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Real terms
 

 

A variable is 'in real terms' when its value has been adjusted for changes in the purchasing power of money. For example, in order to calculate national income, goods and services are valued at their money prices and these values are aggregated. In order to find how real income has changed over time, i.e. how the physical flow of goods and services has changed, it is necessary to allow for the changes in prices. This is done by deflating by an appropriate index number of prices, and the resulting value constitutes real national income or the national income at constant prices.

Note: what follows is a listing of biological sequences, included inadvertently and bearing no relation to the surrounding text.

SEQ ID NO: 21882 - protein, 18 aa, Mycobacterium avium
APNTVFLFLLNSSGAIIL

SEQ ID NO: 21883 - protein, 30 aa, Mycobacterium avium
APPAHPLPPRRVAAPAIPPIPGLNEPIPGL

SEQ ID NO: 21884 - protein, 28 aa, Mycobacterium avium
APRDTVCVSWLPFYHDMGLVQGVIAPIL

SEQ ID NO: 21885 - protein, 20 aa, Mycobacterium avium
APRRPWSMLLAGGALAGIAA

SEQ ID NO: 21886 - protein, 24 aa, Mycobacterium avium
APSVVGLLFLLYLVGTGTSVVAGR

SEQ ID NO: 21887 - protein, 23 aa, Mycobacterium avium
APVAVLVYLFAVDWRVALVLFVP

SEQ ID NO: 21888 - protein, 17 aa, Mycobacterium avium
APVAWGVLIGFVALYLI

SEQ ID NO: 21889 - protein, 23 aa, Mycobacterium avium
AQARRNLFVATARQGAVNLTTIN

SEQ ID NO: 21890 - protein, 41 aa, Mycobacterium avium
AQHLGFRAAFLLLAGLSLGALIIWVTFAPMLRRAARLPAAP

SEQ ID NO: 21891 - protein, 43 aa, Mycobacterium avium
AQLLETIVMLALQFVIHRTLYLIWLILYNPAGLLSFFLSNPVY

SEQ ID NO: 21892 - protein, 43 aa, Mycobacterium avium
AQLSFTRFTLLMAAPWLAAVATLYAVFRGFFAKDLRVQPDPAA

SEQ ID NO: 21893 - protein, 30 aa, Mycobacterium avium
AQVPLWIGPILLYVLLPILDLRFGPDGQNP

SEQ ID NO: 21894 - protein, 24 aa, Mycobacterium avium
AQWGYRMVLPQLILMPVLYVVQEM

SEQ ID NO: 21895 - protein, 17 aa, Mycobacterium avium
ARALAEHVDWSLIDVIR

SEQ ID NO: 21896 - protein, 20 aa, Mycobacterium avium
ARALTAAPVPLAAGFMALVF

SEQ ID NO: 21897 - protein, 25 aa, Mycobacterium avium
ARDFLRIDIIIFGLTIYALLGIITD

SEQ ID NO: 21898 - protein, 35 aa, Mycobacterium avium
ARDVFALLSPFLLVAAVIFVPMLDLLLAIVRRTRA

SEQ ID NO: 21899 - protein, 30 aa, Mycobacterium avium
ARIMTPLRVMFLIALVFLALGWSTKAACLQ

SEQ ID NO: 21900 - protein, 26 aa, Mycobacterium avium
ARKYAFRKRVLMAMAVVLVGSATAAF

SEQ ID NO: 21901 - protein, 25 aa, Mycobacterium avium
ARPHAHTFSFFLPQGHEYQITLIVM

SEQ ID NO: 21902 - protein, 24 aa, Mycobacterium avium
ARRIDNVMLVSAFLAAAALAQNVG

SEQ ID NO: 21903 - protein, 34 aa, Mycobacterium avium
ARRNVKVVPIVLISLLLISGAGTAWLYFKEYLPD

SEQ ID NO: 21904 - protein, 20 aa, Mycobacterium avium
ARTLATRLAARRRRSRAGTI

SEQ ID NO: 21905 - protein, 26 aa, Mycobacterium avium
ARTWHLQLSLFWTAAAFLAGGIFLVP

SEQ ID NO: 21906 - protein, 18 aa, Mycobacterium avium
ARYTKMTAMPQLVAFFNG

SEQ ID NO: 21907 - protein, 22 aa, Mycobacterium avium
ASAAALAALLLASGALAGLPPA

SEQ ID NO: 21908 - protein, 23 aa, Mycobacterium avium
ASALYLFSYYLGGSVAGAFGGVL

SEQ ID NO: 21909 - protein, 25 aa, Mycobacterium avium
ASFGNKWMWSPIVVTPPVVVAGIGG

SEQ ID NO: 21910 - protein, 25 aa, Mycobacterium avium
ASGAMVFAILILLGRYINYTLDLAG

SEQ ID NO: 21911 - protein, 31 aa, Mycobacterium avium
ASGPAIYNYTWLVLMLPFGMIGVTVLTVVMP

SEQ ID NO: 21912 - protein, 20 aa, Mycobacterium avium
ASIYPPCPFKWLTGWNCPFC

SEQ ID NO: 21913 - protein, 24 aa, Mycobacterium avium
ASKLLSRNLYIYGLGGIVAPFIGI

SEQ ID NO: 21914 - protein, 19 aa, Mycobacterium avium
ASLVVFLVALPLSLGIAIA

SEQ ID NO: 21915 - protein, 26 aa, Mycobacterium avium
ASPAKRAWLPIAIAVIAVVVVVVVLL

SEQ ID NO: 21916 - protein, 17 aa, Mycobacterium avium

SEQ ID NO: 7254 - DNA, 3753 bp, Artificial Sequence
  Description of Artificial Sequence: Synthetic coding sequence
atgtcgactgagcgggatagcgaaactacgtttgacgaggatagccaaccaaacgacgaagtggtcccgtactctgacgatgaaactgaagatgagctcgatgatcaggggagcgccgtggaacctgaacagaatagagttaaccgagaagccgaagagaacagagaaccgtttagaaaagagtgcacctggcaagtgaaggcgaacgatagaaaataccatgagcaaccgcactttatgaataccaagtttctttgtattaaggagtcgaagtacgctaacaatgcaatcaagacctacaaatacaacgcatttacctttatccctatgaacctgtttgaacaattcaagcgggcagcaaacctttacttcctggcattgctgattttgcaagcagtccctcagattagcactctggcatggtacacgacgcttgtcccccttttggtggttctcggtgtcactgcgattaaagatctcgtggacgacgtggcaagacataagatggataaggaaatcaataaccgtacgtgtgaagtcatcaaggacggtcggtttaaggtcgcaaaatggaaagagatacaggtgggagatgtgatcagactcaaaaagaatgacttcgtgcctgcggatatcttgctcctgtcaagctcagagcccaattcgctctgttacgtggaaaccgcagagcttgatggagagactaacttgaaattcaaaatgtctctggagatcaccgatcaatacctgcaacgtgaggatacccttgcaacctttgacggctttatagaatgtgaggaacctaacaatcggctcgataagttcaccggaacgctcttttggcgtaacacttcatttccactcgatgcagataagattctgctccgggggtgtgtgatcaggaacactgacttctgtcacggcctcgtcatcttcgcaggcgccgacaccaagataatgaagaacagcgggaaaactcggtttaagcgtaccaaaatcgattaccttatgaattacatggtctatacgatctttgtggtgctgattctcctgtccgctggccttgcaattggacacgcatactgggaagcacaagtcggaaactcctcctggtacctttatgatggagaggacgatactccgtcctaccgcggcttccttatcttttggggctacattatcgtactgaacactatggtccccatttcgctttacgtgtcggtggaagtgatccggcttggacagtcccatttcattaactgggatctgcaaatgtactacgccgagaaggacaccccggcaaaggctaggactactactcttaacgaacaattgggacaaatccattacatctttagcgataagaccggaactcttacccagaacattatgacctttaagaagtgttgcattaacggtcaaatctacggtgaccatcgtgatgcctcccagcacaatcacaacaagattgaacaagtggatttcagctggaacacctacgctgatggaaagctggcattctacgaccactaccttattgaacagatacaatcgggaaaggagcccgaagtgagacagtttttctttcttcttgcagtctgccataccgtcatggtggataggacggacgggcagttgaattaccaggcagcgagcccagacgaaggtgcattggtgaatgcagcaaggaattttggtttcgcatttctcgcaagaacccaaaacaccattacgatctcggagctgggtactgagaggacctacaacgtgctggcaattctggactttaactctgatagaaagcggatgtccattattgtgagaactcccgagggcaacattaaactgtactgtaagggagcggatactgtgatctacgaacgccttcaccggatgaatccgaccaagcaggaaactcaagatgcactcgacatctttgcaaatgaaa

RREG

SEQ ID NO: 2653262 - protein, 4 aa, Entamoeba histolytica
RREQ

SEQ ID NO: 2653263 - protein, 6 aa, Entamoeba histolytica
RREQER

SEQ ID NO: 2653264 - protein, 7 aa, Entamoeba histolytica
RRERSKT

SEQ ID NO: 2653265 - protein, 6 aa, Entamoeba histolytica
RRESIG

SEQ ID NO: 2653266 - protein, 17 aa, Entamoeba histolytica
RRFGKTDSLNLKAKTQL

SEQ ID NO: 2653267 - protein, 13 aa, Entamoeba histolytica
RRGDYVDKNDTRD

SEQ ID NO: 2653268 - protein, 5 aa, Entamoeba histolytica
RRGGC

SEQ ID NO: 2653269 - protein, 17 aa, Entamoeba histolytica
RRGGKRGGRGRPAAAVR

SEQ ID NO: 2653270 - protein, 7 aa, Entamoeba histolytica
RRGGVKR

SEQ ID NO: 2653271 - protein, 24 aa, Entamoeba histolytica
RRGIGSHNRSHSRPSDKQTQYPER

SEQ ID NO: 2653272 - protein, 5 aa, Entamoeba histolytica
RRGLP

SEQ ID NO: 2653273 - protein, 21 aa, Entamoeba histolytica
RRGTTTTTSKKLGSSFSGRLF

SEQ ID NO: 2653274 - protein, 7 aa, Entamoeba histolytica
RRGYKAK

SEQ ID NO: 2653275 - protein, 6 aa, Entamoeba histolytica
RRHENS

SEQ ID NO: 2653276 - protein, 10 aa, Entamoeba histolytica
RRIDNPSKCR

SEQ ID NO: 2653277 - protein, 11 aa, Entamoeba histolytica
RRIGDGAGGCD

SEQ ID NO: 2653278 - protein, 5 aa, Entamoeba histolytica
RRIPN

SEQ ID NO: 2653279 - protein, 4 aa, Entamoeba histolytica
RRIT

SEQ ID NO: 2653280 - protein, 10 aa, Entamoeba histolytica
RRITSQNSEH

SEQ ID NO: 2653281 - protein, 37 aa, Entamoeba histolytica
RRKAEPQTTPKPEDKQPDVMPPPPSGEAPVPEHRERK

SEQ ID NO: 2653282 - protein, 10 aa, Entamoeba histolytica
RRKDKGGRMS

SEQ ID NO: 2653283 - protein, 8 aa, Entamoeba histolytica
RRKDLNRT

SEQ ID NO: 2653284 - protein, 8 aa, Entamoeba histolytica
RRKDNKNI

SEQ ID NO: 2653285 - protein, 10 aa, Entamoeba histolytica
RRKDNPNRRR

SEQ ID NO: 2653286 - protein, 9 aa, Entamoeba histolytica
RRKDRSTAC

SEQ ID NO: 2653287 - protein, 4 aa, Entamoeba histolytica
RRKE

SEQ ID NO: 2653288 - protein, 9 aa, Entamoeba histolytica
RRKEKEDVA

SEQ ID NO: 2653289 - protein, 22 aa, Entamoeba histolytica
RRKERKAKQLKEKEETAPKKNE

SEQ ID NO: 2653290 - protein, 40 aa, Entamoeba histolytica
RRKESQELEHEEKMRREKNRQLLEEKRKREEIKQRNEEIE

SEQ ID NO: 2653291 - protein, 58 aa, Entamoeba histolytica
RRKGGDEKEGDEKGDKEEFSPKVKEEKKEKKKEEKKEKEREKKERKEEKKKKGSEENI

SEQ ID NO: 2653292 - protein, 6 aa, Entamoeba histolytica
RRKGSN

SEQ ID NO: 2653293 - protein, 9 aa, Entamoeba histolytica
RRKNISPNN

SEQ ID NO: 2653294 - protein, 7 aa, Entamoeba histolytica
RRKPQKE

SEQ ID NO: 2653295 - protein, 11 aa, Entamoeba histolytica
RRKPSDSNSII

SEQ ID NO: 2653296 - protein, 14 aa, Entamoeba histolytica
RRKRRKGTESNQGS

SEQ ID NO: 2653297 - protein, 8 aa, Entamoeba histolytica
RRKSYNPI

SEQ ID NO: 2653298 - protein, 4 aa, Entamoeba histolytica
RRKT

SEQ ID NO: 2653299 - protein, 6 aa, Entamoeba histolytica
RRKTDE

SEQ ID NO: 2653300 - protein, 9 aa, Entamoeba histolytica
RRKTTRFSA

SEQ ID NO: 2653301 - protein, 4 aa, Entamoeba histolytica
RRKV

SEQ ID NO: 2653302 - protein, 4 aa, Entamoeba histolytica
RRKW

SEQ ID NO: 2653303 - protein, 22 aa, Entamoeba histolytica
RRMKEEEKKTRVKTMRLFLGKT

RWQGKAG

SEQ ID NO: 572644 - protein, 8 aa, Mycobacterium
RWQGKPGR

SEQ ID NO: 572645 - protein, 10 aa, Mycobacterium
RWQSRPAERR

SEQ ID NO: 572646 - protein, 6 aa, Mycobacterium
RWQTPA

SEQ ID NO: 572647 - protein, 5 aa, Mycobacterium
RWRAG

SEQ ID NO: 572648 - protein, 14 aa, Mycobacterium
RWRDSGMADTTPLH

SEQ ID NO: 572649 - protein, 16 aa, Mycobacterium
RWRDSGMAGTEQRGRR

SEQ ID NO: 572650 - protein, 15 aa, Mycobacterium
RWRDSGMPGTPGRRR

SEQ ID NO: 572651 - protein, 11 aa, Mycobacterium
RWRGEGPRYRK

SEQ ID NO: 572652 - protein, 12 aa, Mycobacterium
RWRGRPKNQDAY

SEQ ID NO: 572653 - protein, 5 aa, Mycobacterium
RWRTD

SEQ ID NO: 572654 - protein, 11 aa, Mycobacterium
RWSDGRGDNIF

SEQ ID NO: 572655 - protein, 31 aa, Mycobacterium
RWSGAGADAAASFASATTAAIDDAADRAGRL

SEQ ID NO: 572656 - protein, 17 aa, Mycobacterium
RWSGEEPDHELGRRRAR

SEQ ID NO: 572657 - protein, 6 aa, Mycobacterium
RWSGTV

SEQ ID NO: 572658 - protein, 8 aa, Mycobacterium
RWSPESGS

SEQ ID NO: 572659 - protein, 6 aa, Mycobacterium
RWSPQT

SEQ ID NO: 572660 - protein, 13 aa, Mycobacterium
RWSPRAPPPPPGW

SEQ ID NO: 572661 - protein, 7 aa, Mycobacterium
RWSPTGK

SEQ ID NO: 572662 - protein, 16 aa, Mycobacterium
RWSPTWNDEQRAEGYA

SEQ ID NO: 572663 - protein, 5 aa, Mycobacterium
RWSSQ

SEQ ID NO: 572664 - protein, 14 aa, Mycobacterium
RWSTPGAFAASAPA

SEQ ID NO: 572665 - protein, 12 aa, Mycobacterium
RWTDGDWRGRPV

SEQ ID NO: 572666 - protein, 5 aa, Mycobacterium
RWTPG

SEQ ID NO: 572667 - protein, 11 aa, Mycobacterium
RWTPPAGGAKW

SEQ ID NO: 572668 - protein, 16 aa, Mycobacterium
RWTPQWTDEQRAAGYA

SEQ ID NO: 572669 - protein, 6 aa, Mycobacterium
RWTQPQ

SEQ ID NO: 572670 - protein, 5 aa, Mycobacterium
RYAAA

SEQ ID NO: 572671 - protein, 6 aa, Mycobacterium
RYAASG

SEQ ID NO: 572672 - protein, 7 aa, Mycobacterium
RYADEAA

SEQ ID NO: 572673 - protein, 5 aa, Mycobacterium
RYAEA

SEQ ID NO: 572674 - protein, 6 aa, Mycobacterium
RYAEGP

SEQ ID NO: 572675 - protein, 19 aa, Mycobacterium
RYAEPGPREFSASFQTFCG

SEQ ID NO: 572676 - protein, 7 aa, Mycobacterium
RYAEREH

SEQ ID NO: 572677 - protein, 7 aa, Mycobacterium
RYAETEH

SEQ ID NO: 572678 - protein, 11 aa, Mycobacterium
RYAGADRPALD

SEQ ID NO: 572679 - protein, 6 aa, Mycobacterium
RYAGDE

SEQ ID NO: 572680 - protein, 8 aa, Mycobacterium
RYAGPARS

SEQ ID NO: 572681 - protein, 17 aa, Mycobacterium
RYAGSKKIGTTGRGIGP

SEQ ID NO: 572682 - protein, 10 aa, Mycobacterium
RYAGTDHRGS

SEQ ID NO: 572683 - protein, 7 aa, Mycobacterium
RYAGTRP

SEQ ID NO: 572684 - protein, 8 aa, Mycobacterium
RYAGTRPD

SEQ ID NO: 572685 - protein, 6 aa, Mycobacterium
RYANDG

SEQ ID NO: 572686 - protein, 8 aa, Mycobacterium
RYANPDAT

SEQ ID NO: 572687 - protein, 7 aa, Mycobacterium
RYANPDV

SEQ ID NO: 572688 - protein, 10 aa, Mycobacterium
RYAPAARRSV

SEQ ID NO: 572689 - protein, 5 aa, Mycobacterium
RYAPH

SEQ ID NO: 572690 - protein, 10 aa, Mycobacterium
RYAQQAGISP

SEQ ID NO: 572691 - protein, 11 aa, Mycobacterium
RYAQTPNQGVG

Reference: The Penguin Dictionary of Economics, 3rd edt.